As initially discussed in Part 1 of this series, bitcoin’s exchange rate has garnered significant attention for its recent climb, but far less visible is the dramatic growth in the infrastructure underlying bitcoin economy itself. In continuing with the theme of Part 1, this report will look at the economic evolution behind bitcoin’s growth since the last time exchange rates climbed this dramatically.
In the beginning of this year, the notion of a business accepting payments in bitcoin – particularly at a physical store – was relatively unheard of. When bar/nightclub EVR (co-owned by Charlie Shrem of BitInstant) in New York began accepting bitcoin in April it made national headlines as a unique phenomenon. Since then, thousands of internet and brick-and-mortar merchants have adopted the cheaper, faster payment technology. Coinmap.org and usebitcoins.info tracks physical locations that accept bitcoin payment, with the total figure approaching 1,000 listed merchant locations.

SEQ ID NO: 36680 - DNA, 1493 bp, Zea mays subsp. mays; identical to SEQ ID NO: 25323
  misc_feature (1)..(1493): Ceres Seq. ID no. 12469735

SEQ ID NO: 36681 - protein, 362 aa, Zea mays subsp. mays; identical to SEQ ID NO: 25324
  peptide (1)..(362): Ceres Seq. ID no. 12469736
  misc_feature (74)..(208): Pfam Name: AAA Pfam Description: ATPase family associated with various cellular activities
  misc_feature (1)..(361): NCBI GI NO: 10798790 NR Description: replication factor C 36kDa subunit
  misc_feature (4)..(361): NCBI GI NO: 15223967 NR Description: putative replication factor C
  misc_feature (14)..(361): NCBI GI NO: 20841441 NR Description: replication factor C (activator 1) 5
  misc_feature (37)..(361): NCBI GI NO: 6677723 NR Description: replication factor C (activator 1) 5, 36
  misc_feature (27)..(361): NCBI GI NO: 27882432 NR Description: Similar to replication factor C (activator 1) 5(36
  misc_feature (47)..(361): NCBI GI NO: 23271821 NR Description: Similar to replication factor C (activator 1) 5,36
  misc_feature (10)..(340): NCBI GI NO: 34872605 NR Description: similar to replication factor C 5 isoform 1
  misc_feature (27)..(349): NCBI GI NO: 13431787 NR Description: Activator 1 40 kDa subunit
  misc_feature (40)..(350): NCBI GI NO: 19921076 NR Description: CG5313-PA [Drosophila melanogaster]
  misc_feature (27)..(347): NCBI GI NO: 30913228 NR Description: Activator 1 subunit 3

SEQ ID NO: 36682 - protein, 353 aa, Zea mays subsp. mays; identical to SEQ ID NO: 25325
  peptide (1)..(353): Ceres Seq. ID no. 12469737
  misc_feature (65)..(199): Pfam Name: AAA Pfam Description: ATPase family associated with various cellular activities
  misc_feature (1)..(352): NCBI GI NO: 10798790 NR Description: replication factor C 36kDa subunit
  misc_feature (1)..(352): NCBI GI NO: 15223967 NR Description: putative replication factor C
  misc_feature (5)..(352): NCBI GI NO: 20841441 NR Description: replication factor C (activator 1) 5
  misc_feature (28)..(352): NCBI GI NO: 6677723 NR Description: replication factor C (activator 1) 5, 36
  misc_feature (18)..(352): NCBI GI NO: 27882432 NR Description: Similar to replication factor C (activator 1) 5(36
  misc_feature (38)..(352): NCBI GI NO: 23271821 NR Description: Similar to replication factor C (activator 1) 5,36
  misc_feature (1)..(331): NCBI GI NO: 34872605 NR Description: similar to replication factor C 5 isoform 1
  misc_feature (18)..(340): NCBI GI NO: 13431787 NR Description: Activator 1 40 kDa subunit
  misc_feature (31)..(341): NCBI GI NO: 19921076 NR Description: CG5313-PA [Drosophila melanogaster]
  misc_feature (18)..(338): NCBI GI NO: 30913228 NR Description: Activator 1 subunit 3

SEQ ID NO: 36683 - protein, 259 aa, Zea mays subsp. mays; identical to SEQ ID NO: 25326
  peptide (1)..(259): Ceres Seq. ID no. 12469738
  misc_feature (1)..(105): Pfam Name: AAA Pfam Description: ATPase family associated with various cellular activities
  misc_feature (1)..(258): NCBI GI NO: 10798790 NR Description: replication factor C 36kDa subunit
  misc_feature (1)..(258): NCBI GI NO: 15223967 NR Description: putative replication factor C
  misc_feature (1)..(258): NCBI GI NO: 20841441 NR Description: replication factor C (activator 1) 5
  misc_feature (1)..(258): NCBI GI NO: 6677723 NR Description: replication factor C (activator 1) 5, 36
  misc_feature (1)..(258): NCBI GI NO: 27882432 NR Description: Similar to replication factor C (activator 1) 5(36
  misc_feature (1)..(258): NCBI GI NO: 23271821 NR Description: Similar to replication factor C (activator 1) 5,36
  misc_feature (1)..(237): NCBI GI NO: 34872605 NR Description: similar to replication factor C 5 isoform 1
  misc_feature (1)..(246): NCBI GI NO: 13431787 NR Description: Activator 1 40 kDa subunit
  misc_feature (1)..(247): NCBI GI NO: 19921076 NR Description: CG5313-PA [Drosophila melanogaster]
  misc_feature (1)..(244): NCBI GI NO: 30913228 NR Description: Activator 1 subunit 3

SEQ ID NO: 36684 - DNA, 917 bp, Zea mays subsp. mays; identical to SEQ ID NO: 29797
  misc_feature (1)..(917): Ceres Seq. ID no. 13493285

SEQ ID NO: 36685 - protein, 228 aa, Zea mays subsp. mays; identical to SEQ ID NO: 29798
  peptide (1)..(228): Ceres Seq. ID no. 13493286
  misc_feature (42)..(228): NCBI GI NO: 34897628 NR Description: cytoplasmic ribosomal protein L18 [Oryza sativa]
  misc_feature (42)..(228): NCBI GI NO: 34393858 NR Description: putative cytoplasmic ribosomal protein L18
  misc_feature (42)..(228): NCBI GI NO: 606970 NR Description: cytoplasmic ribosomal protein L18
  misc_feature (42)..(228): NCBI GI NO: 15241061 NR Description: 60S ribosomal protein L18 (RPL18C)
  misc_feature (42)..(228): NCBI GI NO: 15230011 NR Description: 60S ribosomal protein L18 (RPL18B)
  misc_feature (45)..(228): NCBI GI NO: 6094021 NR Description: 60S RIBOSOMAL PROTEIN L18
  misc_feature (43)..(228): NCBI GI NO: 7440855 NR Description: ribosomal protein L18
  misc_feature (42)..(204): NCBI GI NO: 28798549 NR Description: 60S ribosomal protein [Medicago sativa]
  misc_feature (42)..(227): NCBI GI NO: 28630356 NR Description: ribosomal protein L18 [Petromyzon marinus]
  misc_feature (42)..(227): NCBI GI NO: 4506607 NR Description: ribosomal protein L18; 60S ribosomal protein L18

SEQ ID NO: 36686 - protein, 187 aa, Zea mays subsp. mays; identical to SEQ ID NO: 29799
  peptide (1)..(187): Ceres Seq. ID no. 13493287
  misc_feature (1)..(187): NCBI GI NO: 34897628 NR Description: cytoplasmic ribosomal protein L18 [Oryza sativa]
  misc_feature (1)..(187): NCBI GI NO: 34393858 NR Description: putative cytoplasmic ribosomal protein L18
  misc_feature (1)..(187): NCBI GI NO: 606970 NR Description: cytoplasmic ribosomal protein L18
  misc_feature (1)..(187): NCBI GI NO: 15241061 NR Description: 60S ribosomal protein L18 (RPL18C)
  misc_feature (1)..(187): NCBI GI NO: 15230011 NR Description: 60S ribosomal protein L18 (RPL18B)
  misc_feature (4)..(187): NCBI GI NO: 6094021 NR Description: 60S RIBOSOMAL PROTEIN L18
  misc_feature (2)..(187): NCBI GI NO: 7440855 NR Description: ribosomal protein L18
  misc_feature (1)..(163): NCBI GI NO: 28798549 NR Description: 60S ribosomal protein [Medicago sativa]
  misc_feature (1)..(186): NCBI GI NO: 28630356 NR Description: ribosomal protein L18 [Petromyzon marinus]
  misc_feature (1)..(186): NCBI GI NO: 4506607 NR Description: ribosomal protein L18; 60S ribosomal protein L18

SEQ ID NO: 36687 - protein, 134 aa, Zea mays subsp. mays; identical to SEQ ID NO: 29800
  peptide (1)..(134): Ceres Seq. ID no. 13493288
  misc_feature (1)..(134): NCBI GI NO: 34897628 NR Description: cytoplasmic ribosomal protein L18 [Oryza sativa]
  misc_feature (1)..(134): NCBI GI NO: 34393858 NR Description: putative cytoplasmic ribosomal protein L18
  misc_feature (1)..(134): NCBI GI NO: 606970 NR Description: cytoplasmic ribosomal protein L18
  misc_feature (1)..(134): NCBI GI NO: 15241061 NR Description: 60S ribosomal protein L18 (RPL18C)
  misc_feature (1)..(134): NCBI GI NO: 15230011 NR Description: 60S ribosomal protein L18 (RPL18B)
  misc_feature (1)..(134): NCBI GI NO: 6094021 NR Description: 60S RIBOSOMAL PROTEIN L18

Even if the store itself isn’t set up to take bitcoin, a number of services have enabled people to spend the digital currency at tens of thousands of locations. Delivery food coordination sites like Foodler.com have added bitcoin as a payment option since April, opening tens of thousands of restaurants to accepting bitcoin as well. In May, gift card vendors like Gyft began offering services that allow users to buy gift cards with bitcoin, which can then be spent at hundreds of top retail brands. As discussed in Part 1 of this series, those figures are translating into significant volume growth for bitcoin payment processing companies. On top of increasing mainstream use, court documents related to the closure of online drug bazaar Silk Road showed just how little of the bitcoin economy was attributable to the online narcotics trade – a concept broadly connected with bitcoin in media until recently.